From Criminal Justice to Education Leadership, Single Mom Finds Path, Success at UVU

Pictures of woman laughing

No matter what Kari Dennis is doing, she wants to make a difference in someone’s life.

That includes the teenagers with criminal records she used to work with at Independence High School in Provo. It includes the students at Utah Valley University, where she earned a degree in criminal justice and now works. And most of all, it includes her three children who motivated her to obtain a degree.

“I tried to go back to school when I was first divorced 18 years ago,” Dennis says. “But I just didn’t have the help and support to take care of the kids that young. The timing just wasn’t right. But this time, it just all came together, like destiny. My kids were super supportive.”Woman Laughing in a chair

Working with juvenile offenders provided the impetus for her. Coworkers encouraged her to become a probation officer, which would allow Dennis to work more closely with individual teens. But those positions required a bachelor’s degree, and Dennis didn’t have one.

In 2013, Dennis met David Dominguez, a law professor at Brigham Young University, who brought a class of his students to Independence to observe. When Dominguez met Dennis and learned she was considering returning to school, he directed her to UVU assistant professor Bobbi Kassel, who now serves as the criminal justice department chair.

“That’s how I even got here — I had people guiding me,” Dennis says. “Bobbi was amazing.”

While learning from Kassel, assistant chair Melissa Noyes, and other UVU criminal justice faculty, Dennis realized that a degree in criminal justice could lead to far greater possibilities than becoming a juvenile probation officer. But she also had the opportunity to see some of her former Independence students in UVU’s halls — and not all of them had as much success as she did.

“When I wanted to quit, I had six little eyes looking at me. I finished because of them. I couldn’t quit. I may have wanted to, but I couldn’t quit. I couldn’t let that be their example.”

“Before the end of the semester, those students were gone — they weren’t here anymore,” Dennis says. “So I had reached out to a couple of them, and they just said it was too hard. And I realized these are the students who need to stay here.”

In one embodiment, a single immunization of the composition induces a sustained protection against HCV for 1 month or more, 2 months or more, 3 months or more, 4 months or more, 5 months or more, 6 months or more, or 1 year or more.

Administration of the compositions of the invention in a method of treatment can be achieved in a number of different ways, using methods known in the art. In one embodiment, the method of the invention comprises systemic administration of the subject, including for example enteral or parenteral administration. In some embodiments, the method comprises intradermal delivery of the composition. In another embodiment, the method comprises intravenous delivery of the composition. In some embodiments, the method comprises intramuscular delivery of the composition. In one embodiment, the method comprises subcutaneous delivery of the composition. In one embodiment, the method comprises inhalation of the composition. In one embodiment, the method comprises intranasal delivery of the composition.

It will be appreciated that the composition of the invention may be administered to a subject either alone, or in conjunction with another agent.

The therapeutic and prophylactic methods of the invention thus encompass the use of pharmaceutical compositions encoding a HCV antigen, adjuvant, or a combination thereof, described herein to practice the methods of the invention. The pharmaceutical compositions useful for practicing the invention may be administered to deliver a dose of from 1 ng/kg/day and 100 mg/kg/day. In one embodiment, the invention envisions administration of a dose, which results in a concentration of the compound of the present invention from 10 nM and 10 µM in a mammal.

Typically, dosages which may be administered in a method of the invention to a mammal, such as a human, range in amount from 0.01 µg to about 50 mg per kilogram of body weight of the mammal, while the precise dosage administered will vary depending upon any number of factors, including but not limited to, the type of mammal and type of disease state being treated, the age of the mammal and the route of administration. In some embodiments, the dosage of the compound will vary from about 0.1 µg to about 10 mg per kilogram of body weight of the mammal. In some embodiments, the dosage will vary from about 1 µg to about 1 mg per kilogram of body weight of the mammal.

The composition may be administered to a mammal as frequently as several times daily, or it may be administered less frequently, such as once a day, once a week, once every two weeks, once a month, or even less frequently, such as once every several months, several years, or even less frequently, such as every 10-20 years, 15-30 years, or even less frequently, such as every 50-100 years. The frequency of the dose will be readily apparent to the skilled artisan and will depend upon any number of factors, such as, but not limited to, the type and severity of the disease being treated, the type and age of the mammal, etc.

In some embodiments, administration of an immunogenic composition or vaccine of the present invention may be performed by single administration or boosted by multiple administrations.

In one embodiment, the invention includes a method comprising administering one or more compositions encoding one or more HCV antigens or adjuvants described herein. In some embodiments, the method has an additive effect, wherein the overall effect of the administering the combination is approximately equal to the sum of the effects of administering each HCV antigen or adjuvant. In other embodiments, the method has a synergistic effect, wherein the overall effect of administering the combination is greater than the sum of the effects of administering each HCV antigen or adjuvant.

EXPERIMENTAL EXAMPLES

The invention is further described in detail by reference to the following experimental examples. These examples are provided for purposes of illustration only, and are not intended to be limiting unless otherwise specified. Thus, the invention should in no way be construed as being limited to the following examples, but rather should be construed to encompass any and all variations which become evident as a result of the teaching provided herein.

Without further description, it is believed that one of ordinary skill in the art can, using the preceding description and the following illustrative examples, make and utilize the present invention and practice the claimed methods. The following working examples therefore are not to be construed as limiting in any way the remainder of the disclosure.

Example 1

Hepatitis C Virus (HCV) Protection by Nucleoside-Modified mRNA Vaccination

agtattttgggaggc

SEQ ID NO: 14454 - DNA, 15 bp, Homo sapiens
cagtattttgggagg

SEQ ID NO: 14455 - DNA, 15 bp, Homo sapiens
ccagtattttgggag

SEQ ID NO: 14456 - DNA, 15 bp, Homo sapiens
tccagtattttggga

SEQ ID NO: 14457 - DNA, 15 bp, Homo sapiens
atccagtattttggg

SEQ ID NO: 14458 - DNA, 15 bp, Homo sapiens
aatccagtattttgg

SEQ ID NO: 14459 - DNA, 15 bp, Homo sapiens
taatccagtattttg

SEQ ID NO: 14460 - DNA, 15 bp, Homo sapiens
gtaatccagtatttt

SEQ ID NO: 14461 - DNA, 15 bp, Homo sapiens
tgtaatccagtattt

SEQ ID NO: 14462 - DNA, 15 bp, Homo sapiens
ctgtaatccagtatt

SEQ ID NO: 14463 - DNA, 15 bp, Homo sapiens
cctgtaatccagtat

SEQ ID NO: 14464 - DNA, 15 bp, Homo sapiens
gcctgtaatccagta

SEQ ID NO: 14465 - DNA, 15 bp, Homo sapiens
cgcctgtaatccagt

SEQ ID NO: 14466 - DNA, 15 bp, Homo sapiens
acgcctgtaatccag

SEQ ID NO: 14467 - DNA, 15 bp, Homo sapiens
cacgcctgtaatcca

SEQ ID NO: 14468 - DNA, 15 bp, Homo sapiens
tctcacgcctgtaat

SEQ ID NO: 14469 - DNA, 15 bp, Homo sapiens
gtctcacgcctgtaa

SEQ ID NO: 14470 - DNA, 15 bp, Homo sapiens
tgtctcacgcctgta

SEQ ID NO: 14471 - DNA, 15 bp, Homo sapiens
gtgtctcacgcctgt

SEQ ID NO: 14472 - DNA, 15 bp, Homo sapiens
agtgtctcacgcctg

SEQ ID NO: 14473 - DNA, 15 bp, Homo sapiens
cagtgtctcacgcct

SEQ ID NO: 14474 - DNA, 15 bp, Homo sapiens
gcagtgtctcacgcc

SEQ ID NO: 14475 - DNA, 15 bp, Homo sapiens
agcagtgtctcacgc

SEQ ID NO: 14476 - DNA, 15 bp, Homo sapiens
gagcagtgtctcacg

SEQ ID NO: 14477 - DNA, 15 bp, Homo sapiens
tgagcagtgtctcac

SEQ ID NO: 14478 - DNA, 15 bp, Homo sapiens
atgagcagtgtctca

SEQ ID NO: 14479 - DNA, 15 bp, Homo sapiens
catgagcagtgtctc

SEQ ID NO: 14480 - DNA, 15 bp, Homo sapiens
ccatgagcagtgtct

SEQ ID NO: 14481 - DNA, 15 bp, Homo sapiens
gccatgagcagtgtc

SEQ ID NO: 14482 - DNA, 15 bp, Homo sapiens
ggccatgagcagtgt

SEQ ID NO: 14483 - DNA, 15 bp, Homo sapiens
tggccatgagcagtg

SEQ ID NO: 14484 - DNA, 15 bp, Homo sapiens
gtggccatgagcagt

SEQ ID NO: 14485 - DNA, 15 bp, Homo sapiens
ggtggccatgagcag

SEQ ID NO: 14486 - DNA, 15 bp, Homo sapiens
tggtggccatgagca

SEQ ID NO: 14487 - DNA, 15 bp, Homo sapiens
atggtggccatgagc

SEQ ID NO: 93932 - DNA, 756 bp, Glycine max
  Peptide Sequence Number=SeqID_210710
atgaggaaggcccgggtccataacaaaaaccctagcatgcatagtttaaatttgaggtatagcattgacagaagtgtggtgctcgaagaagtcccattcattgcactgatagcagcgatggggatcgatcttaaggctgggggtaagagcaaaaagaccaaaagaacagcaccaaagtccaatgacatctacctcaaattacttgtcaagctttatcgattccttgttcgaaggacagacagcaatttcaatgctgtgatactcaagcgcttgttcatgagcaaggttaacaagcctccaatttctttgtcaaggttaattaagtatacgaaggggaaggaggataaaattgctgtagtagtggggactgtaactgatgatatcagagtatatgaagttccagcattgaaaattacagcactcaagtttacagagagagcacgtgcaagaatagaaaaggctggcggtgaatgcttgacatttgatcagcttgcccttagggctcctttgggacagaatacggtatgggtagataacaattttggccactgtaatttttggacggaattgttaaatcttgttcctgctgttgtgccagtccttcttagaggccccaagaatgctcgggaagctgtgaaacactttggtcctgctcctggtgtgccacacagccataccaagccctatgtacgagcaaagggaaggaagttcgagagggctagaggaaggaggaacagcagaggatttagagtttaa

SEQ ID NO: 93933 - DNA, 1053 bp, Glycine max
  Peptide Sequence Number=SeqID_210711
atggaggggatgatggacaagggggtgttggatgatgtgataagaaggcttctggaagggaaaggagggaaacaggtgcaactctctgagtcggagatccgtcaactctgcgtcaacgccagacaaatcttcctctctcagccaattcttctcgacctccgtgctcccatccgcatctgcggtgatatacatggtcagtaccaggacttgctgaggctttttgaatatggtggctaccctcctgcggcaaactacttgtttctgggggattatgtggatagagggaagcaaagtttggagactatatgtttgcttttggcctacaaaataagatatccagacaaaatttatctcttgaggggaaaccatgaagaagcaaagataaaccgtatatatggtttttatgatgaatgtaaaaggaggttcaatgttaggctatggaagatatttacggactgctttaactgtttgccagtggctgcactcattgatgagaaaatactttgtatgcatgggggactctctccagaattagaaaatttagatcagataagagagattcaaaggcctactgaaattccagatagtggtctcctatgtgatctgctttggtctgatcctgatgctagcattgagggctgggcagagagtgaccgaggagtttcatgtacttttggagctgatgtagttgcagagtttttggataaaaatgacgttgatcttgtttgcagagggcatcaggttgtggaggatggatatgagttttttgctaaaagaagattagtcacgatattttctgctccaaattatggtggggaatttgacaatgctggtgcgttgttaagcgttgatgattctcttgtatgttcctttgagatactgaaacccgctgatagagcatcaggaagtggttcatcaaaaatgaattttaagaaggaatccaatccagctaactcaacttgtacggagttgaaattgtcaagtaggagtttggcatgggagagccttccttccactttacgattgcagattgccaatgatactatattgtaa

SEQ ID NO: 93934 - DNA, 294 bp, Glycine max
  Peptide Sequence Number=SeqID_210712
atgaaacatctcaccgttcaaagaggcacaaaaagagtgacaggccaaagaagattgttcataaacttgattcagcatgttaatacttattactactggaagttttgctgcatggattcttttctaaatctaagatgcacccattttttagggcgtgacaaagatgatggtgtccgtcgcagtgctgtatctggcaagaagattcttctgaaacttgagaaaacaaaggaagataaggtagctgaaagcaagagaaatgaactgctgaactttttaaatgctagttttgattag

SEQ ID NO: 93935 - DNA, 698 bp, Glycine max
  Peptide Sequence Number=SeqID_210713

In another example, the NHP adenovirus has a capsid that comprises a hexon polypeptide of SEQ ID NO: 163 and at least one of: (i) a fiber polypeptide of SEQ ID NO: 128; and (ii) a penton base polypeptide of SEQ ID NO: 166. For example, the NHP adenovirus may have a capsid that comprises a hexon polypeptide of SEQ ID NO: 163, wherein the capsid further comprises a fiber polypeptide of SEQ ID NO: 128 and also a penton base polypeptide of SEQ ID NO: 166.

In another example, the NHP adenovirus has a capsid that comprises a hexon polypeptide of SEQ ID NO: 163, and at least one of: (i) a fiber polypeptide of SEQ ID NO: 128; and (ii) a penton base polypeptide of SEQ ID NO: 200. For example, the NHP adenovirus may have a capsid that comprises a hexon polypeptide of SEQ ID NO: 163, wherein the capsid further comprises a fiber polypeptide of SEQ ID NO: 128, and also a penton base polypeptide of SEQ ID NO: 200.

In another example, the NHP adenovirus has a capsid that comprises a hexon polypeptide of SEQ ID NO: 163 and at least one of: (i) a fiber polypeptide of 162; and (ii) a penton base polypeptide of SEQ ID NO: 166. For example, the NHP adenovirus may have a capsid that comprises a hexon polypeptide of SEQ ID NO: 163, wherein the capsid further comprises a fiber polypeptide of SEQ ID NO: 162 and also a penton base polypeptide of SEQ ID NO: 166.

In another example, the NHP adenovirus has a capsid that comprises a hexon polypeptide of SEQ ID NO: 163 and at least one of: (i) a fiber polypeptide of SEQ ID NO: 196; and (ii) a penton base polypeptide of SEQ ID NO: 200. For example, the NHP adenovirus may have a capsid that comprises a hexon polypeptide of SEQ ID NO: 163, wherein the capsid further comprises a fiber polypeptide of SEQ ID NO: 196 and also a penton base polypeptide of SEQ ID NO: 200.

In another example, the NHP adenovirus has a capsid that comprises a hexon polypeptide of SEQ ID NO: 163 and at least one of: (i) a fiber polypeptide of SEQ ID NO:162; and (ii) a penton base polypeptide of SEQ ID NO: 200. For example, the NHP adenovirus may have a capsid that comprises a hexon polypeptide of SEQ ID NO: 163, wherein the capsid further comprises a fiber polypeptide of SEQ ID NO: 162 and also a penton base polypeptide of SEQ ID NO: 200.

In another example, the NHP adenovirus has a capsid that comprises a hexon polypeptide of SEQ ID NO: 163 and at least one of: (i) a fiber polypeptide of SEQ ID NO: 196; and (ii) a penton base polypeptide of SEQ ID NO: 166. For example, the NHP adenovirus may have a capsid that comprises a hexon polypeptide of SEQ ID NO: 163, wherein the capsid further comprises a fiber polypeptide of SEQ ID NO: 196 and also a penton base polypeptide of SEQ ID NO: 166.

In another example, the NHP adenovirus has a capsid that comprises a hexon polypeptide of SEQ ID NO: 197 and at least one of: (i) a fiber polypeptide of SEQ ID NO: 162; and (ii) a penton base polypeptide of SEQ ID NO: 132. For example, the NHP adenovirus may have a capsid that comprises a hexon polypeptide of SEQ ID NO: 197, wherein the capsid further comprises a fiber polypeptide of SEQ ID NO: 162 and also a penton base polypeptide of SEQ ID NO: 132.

She continued her criminal justice classes, but during her junior year, Dennis took advantage of another opportunity that would shape her future by becoming a UVUSA senator and representing her college in student government. Initially, she believed she wouldn’t qualify for participation because working part time to support her children meant her free time was limited. But UVU faculty and staff encouraged her to stay involved.

“Through my involvement with student government, I learned about all these resources that UVU actually has for people,” Dennis says. “And that kind of turned into my passion. Yes, I finished my degree, but I wanted to work at UVU because I wanted to connect somehow with those students I saw in the halls, to keep them here.”

Participation in UVUSA helped Dennis pay for school while her parents helped with her children when she couldn’t be at home. For a period of time, the family had one child in elementary school, one in middle school, one in high school, and Dennis herself in college. They did homework together around the kitchen table and shared in each other’s successes and struggles.

“When I wanted to quit, I had six little eyes looking at me,” she says. “I finished because of them. I couldn’t quit. I may have wanted to, but I couldn’t quit. I couldn’t let that be their example.”

When Dennis completed her bachelor’s degree in criminal justice in 2017, the juvenile probation industry was in the middle of a hiring freeze. But she wanted to put her newfound passion for higher education to work, accepting a position with UVU’s Career Development Center, then moving to the Center for Constitutional Studies while pursuing a master’s degree in higher education leadership.

“Had I not been in criminal justice, I wouldn’t have ever been a UVUSA senator, and I wouldn’t have ever made those connections,” Dennis says. “I just fell in love with what UVU is about. I fell in love with our mission, how there’s a place for everybody. Even as a nontraditional, single-mom old person, I can come to school and feel supported and meet amazing people along the way and be able to do something with my life and better my children’s lives. I guess I just found my calling.”